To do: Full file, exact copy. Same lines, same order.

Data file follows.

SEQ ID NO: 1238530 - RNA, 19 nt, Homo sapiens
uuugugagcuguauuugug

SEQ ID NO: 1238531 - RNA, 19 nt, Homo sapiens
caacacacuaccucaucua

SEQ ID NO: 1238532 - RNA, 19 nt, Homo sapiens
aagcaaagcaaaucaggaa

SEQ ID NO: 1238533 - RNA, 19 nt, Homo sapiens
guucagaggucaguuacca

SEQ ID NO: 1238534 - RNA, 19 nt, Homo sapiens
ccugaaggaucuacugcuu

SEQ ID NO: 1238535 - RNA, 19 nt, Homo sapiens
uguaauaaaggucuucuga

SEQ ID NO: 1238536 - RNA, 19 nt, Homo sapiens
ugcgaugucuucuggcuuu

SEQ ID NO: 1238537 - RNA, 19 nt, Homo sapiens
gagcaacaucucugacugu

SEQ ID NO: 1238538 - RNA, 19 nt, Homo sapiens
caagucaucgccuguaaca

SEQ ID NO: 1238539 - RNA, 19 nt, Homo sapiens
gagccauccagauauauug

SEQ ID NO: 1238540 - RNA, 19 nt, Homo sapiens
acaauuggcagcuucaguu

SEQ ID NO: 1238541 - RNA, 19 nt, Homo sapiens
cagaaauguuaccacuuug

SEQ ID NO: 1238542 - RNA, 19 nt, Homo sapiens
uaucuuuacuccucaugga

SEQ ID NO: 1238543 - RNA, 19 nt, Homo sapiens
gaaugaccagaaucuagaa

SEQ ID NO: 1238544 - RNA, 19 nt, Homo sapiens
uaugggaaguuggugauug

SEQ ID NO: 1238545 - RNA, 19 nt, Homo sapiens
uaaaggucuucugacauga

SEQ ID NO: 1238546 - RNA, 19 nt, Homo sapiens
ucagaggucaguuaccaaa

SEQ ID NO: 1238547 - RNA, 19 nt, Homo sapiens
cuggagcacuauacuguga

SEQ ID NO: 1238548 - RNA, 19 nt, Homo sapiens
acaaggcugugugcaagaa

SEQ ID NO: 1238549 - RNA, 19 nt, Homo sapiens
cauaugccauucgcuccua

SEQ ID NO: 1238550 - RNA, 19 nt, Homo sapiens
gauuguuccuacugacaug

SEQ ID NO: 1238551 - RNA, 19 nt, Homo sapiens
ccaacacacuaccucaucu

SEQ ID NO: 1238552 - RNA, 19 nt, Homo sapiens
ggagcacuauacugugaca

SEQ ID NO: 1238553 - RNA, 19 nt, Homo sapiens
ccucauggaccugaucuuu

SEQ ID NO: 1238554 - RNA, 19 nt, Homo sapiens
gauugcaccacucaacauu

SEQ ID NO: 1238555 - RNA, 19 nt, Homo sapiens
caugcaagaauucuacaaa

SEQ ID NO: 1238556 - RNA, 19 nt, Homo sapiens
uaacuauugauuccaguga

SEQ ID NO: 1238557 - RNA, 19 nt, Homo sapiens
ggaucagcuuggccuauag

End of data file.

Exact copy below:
SEQ ID NO: 1238530 - RNA, 19 nt, Homo sapiens
uuugugagcuguauuugug

SEQ ID NO: 1238531 - RNA, 19 nt, Homo sapiens
caacacacuaccucaucua

SEQ ID NO: 1238532 - RNA, 19 nt, Homo sapiens
aagcaaagcaaaucaggaa

SEQ ID NO: 1238533 - RNA, 19 nt, Homo sapiens
guucagaggucaguuacca

SEQ ID NO: 1238534 - RNA, 19 nt, Homo sapiens
ccugaaggaucuacugcuu

SEQ ID NO: 1238535 - RNA, 19 nt, Homo sapiens
uguaauaaaggucuucuga

SEQ ID NO: 1238536 - RNA, 19 nt, Homo sapiens
ugcgaugucuucuggcuuu

SEQ ID NO: 1238537 - RNA, 19 nt, Homo sapiens
gagcaacaucucugacugu

SEQ ID NO: 1238538 - RNA, 19 nt, Homo sapiens
caagucaucgccuguaaca

SEQ ID NO: 1238539 - RNA, 19 nt, Homo sapiens
gagccauccagauauauug

SEQ ID NO: 1238540 - RNA, 19 nt, Homo sapiens
acaauuggcagcuucaguu

SEQ ID NO: 1238541 - RNA, 19 nt, Homo sapiens
cagaaauguuaccacuuug

SEQ ID NO: 1238542 - RNA, 19 nt, Homo sapiens
uaucuuuacuccucaugga

SEQ ID NO: 1238543 - RNA, 19 nt, Homo sapiens
gaaugaccagaaucuagaa

SEQ ID NO: 1238544 - RNA, 19 nt, Homo sapiens
uaugggaaguuggugauug

SEQ ID NO: 1238545 - RNA, 19 nt, Homo sapiens
uaaaggucuucugacauga

SEQ ID NO: 1238546 - RNA, 19 nt, Homo sapiens
ucagaggucaguuaccaaa

SEQ ID NO: 1238547 - RNA, 19 nt, Homo sapiens
cuggagcacuauacuguga

SEQ ID NO: 1238548 - RNA, 19 nt, Homo sapiens
acaaggcugugugcaagaa

SEQ ID NO: 1238549 - RNA, 19 nt, Homo sapiens
cauaugccauucgcuccua

SEQ ID NO: 1238550 - RNA, 19 nt, Homo sapiens
gauuguuccuacugacaug

SEQ ID NO: 1238551 - RNA, 19 nt, Homo sapiens
ccaacacacuaccucaucu

SEQ ID NO: 1238552 - RNA, 19 nt, Homo sapiens
ggagcacuauacugugaca

SEQ ID NO: 1238553 - RNA, 19 nt, Homo sapiens
ccucauggaccugaucuuu

SEQ ID NO: 1238554 - RNA, 19 nt, Homo sapiens
gauugcaccacucaacauu

SEQ ID NO: 1238555 - RNA, 19 nt, Homo sapiens
caugcaagaauucuacaaa

SEQ ID NO: 1238556 - RNA, 19 nt, Homo sapiens
uaacuauugauuccaguga

SEQ ID NO: 1238557 - RNA, 19 nt, Homo sapiens
ggaucagcuuggccuauag